7.  Family Lexicon – Natalie Ginsburg

Family Lexicon (New York Review Books Classics) by [Ginzburg, Natalia]

This book takes place in Italy during the 1920’s and World War II.  It is a memoir of sorts, about Ginsburg’s family.  Her family, especially her father, is hilarious and memorable, and I found the book to be funny, wry, and sad.  Although the historical background proves to be momentous to the story, we are presented more with the minutia of Ginsburg’s family’s everyday life rather than history on a grand scale.      

8. Building Stories – Chris Ware

This is an absolutely amazing graphic novel, in design and content, about the inhabitants of an apartment building in Chicago.  It especially focuses in on one inhabitant, a woman who lives alone and works at a florist, and then later catches up with her and her family life.  The work is not irreverent in the way Ware’s early work is – it is quiet and serious and lovely.  I loved and was moved by every frame.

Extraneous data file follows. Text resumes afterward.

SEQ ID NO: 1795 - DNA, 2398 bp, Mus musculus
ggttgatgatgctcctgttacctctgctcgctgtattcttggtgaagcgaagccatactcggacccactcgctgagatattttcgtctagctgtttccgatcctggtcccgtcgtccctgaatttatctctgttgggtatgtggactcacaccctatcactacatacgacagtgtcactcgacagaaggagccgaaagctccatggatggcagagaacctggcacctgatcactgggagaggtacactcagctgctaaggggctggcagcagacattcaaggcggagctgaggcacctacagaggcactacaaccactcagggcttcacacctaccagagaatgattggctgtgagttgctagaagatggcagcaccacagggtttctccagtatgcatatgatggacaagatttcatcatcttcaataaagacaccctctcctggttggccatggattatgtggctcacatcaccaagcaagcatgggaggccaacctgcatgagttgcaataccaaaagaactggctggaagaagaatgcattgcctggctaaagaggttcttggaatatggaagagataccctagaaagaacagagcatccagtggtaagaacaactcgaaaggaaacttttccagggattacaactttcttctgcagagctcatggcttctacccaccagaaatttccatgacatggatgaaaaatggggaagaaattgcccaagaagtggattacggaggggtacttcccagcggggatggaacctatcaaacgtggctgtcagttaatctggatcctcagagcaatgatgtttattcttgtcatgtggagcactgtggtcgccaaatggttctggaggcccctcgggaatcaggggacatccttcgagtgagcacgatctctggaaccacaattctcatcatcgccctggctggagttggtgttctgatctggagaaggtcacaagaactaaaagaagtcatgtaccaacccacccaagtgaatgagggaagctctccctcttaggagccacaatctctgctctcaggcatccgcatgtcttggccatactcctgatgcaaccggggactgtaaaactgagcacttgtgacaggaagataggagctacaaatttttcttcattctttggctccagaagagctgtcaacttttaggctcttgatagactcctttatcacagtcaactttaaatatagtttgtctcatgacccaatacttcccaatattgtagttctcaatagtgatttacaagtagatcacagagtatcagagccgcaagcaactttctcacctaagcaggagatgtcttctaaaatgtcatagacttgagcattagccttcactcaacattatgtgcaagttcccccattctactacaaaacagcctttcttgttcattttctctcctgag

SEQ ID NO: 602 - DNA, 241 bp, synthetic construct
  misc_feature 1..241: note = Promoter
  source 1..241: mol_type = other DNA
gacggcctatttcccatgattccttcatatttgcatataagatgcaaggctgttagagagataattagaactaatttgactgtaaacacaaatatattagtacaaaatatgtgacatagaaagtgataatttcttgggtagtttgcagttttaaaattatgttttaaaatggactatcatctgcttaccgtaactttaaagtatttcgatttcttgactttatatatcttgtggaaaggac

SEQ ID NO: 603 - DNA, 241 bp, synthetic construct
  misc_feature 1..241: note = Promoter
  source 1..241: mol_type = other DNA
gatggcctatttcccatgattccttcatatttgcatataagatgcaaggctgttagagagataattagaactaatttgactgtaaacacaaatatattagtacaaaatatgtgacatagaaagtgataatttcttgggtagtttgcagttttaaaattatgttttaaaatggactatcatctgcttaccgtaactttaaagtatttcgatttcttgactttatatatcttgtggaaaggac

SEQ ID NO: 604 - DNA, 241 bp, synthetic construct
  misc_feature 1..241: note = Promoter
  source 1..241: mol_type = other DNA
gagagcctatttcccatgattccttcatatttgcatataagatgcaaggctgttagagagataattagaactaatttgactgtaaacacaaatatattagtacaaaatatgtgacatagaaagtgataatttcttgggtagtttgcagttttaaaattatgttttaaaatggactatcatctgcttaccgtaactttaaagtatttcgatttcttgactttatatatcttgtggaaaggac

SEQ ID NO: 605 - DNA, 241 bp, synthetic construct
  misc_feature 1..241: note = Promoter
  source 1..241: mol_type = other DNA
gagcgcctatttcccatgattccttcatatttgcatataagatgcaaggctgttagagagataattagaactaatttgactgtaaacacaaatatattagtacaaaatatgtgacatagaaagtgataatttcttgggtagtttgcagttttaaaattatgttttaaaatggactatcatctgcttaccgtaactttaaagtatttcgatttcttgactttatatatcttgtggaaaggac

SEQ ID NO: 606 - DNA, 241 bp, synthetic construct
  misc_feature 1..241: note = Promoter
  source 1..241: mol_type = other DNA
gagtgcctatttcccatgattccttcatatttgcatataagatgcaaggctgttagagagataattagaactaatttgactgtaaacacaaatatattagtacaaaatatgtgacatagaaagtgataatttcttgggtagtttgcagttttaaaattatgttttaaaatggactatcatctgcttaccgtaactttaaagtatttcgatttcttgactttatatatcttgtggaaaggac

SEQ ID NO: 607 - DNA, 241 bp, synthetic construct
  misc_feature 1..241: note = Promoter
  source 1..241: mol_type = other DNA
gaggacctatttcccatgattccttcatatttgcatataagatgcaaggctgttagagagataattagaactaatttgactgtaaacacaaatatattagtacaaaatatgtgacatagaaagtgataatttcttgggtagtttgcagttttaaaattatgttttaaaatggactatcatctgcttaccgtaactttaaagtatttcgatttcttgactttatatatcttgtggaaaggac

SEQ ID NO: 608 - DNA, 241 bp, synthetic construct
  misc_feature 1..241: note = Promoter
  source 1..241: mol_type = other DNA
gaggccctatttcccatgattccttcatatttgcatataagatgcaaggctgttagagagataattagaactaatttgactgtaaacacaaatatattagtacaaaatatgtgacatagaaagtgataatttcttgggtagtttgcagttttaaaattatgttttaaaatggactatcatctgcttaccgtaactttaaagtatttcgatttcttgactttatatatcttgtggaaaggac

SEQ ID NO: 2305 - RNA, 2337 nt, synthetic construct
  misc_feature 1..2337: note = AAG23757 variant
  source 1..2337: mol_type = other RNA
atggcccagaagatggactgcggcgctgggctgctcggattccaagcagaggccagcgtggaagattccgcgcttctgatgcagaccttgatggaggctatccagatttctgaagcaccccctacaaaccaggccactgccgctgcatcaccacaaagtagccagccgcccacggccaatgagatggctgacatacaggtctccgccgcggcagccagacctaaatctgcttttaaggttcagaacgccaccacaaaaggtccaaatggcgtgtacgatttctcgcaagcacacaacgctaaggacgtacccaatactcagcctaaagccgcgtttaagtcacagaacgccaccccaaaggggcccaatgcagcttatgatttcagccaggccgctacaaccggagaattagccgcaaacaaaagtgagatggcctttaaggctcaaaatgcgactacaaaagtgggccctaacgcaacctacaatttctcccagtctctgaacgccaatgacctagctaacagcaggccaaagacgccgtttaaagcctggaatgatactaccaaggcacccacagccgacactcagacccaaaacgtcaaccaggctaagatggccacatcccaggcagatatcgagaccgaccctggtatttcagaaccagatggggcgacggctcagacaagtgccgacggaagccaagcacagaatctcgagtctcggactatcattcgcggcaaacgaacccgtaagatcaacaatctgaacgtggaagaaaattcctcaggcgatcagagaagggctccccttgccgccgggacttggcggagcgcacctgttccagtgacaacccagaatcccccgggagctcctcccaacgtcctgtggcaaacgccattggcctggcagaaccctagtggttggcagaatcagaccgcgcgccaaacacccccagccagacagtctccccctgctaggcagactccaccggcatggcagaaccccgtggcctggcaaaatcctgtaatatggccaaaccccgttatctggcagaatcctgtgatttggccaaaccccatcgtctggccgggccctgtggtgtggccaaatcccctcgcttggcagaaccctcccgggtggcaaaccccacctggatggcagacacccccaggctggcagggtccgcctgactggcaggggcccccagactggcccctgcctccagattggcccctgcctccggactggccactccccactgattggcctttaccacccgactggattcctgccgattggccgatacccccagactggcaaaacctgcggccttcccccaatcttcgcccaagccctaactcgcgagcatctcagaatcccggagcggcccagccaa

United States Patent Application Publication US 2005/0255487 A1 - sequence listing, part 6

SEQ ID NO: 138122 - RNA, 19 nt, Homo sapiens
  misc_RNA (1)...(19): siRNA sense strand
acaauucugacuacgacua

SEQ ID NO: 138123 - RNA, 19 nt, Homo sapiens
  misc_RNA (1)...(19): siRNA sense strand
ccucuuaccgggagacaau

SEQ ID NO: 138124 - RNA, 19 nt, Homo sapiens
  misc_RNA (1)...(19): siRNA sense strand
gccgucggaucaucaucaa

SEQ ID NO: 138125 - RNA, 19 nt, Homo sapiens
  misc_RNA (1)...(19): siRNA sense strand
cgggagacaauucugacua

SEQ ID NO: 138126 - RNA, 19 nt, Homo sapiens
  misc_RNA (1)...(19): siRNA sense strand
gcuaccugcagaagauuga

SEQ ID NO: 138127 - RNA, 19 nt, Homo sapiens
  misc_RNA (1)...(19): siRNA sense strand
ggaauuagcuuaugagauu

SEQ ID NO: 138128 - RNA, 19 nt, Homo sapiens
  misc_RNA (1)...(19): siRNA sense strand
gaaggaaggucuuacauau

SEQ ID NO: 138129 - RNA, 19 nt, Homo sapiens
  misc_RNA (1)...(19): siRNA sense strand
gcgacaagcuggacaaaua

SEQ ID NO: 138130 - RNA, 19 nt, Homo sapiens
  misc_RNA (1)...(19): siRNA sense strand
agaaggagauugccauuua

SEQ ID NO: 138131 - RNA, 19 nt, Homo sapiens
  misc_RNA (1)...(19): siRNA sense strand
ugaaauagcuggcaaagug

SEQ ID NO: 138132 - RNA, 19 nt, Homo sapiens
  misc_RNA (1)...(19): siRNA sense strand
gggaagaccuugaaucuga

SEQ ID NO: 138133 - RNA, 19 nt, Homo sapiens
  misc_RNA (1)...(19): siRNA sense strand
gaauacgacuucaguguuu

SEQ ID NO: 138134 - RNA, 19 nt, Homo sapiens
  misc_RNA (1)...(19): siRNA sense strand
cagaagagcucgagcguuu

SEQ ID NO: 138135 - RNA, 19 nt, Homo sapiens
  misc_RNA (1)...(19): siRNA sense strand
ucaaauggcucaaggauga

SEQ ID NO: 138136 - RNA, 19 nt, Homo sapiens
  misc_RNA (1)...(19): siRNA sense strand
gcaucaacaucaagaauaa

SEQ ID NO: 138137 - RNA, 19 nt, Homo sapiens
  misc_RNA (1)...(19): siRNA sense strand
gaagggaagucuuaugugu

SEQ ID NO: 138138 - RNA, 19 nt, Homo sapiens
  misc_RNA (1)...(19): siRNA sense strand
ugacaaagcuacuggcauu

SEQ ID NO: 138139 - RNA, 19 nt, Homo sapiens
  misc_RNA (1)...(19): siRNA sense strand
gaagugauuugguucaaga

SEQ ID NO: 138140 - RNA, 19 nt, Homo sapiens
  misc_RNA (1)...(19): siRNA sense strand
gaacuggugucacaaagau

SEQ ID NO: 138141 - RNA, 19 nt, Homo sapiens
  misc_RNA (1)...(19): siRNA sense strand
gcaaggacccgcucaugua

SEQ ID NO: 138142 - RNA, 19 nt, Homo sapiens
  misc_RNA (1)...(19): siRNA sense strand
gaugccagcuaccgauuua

9.  Making Sense of Madness: Contesting the Meaning of Schizophrenia – Jim Geekie and John Read\

There should be more books like this. The book is accessible, humane, and challenging, and primarily written for the lay person. As someone with a family member who had schizophrenia, I felt I was able to understand the illness better.  The authors are skilled at communicating complicated concepts in non-clinical terminology. There is also a great chapter on the subjective experience of madness, using excerpts from client interviews.

10. Invisible Now: Bob Dylan in the 1960’s

This was the best book I’ve read so far about Dylan.  It focuses on Dylan’s body of work in the 60’s, and challenged me to think anew about my favorite musician.